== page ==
The first step is to install your stakes. The idea is to mark out exactly where the fence will go in your yard. Pound a stake that is at least 18 inches long into the ground at the starting point and ending point of each run of fence. At corners, place the stakes a few feet beyond the end point of each adjacent fence run so the strings intersect at the corner location.
Also put in a stake wherever there is a change in grade. This is important so the string line does not end up well above or below grade, which can throw it out of alignment. Keep the stakes clear of post holes so that they are not disturbed during digging. Stakes should never be more than 200 feet apart.
The next step is to run your string line along the stakes. Where the fence will make a corner, create a triangle by running the string around the farthest stakes. That allows you to continue to the next section without tying off the string. The string should also continue through openings for gates to ensure the gate will be aligned. At this point, you can measure the fencing area with a measuring wheel using a string line as a guide. Plan on putting in stakes every 6 feet to 8 feet, making the distance between them equal.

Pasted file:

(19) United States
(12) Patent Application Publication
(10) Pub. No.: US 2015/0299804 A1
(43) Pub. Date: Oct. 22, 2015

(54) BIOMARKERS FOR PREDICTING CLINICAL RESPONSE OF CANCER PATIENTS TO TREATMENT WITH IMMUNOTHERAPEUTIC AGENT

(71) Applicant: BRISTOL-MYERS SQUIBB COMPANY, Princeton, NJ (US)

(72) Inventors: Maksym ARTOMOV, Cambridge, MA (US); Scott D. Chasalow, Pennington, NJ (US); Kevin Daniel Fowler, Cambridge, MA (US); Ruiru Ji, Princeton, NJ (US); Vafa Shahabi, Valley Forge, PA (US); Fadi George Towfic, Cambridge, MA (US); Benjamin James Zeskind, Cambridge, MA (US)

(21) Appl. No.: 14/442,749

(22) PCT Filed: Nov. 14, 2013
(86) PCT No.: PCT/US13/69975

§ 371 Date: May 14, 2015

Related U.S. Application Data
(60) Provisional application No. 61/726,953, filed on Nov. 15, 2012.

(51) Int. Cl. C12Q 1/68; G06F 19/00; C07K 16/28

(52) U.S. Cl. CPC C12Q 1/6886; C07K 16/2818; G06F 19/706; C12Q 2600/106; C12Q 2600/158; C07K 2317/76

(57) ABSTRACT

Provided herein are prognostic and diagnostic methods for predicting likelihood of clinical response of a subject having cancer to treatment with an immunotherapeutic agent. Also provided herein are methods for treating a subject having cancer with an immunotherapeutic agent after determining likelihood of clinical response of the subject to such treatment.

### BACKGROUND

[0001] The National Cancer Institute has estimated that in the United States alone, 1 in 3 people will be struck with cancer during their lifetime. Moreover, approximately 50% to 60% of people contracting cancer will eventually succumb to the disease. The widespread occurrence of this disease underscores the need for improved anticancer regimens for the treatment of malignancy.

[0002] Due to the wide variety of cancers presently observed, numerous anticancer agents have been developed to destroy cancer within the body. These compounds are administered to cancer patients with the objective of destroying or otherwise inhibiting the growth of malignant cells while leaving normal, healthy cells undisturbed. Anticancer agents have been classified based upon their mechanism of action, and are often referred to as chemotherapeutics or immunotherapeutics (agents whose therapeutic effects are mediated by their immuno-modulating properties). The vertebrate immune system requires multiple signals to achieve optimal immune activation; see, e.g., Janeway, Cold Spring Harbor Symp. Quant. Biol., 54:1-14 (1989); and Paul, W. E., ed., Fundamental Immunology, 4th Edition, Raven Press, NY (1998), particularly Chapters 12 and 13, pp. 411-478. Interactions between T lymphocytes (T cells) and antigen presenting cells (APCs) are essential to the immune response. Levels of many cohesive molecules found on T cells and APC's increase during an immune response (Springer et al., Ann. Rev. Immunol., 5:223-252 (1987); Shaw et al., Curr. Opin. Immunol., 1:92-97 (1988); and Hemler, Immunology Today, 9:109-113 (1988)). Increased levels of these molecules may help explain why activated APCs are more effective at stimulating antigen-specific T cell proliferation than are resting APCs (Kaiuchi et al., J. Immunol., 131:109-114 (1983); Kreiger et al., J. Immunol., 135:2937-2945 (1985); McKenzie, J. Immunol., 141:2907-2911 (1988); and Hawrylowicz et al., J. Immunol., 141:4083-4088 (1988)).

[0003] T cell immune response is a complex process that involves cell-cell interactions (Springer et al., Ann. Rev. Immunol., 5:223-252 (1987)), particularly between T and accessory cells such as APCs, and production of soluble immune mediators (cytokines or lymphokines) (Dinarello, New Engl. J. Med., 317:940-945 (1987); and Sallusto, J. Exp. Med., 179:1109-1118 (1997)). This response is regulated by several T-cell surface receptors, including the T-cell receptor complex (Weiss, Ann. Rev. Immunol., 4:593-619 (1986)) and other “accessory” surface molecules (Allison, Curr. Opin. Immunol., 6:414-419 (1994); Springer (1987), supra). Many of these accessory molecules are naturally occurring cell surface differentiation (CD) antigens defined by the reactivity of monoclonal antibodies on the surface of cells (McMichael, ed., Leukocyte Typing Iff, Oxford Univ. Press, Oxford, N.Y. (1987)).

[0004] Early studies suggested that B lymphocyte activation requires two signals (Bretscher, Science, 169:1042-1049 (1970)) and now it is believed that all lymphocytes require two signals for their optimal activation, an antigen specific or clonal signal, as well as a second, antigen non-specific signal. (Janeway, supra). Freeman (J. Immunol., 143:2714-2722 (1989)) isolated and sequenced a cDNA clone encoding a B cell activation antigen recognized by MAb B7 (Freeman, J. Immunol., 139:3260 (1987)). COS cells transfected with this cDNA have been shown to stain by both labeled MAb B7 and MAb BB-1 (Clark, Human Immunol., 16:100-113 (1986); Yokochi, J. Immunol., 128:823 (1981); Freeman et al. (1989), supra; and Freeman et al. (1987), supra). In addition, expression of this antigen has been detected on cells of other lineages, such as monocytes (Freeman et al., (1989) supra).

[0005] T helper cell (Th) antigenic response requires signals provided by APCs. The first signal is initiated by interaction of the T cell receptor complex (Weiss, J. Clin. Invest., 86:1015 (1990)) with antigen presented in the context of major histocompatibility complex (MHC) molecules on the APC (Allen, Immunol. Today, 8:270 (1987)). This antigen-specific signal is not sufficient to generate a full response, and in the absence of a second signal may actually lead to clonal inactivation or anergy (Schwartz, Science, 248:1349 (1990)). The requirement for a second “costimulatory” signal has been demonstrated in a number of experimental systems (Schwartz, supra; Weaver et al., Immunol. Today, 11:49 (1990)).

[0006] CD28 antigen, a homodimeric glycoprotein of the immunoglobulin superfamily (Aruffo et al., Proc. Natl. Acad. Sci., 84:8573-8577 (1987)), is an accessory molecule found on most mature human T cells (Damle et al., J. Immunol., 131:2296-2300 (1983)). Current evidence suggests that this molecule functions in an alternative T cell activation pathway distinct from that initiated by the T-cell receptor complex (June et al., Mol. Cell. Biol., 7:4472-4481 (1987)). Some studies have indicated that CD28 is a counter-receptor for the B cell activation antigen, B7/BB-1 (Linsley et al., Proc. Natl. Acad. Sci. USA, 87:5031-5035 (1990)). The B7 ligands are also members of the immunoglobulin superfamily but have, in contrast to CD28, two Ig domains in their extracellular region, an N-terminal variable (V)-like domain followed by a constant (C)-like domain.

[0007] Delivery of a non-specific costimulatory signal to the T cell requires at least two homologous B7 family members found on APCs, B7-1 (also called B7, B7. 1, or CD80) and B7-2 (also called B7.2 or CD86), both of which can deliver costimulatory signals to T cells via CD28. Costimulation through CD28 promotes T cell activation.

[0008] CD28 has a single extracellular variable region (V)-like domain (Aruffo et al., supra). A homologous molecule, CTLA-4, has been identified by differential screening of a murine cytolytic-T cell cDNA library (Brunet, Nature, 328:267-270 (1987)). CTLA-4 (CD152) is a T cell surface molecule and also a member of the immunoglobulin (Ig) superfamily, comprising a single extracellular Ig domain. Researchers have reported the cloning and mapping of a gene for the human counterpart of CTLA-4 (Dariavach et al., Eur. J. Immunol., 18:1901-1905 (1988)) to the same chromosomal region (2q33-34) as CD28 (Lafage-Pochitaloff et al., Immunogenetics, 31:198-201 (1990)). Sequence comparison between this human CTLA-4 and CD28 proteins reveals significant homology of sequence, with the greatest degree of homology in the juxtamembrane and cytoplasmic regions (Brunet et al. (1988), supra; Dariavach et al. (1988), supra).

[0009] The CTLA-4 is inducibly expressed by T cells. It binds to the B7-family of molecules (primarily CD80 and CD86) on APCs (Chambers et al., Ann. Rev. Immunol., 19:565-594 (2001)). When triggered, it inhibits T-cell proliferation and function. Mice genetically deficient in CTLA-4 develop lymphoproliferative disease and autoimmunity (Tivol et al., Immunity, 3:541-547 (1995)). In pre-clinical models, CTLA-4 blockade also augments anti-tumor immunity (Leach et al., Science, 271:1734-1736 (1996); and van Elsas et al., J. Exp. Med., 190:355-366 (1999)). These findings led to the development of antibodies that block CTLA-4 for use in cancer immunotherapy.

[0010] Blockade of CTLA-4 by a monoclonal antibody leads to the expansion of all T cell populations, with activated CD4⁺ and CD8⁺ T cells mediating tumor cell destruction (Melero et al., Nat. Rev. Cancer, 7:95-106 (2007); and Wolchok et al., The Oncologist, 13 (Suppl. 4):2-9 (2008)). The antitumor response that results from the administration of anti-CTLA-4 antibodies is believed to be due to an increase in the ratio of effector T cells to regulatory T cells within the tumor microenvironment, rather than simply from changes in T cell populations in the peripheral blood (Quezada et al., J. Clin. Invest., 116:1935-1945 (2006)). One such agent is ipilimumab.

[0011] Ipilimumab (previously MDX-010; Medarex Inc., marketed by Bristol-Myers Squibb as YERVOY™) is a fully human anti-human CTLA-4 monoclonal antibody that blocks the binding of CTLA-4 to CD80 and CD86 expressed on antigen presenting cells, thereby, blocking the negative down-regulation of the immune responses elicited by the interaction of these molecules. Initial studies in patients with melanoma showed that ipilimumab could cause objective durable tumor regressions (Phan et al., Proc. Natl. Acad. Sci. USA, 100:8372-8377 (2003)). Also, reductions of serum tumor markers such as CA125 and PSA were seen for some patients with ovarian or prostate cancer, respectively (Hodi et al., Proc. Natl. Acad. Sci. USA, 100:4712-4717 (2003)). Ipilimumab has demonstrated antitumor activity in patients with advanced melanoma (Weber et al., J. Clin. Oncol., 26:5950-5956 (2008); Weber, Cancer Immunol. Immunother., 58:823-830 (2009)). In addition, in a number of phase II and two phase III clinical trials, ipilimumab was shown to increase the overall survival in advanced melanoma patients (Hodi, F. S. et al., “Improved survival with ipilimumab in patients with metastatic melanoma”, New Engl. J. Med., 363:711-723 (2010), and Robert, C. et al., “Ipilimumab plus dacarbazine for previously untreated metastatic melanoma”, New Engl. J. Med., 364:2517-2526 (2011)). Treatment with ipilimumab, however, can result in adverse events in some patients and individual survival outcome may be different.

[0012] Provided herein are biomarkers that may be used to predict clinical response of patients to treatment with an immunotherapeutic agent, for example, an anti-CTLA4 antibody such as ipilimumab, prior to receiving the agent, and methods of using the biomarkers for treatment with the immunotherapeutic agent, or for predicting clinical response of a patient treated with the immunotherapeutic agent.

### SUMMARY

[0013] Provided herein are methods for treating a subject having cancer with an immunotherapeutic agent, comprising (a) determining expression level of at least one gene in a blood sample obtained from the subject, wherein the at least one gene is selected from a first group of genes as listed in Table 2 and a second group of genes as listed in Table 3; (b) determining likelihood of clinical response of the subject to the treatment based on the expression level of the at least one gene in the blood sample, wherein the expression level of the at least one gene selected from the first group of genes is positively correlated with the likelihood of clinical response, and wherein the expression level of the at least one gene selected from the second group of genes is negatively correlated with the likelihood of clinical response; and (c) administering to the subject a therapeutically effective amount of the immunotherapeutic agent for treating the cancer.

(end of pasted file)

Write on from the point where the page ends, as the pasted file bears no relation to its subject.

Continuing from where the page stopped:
- FindLaw: Fencing Laws and Your Neighbors: FAQs
- Common Ground Alliance: Know What's Below
- Yard & Home: Building a Fence? Do These 5 Things First
- Family Handyman: How to Build A Privacy Fence
- Home Depot: How to Build a Fence
- America's Fence Store: How Do I Run String Line in Preparation to Begin Setting Posts?
- Vinyl Fence Wholesaler: How to Build a Fence on a Slope: 2 Easy DIY Installation Methods
From Alaska to California, from France's Basque Country to Mexico's Pacific Coast, Teo Spengler has dug the soil, planted seeds and helped trees, flowers and veggies thrive. A professional writer and consummate gardener, Spengler has written about home and garden for Gardening Know How, San Francisco Chronicle, Gardening Guide and Go Banking Rates. She earned a BA from U.C. Santa Cruz, a law degree from U.C. Berkeley's Boalt Hall, and an MA and MFA from San Francisco State. She currently divides her life between San Francisco and southwestern France.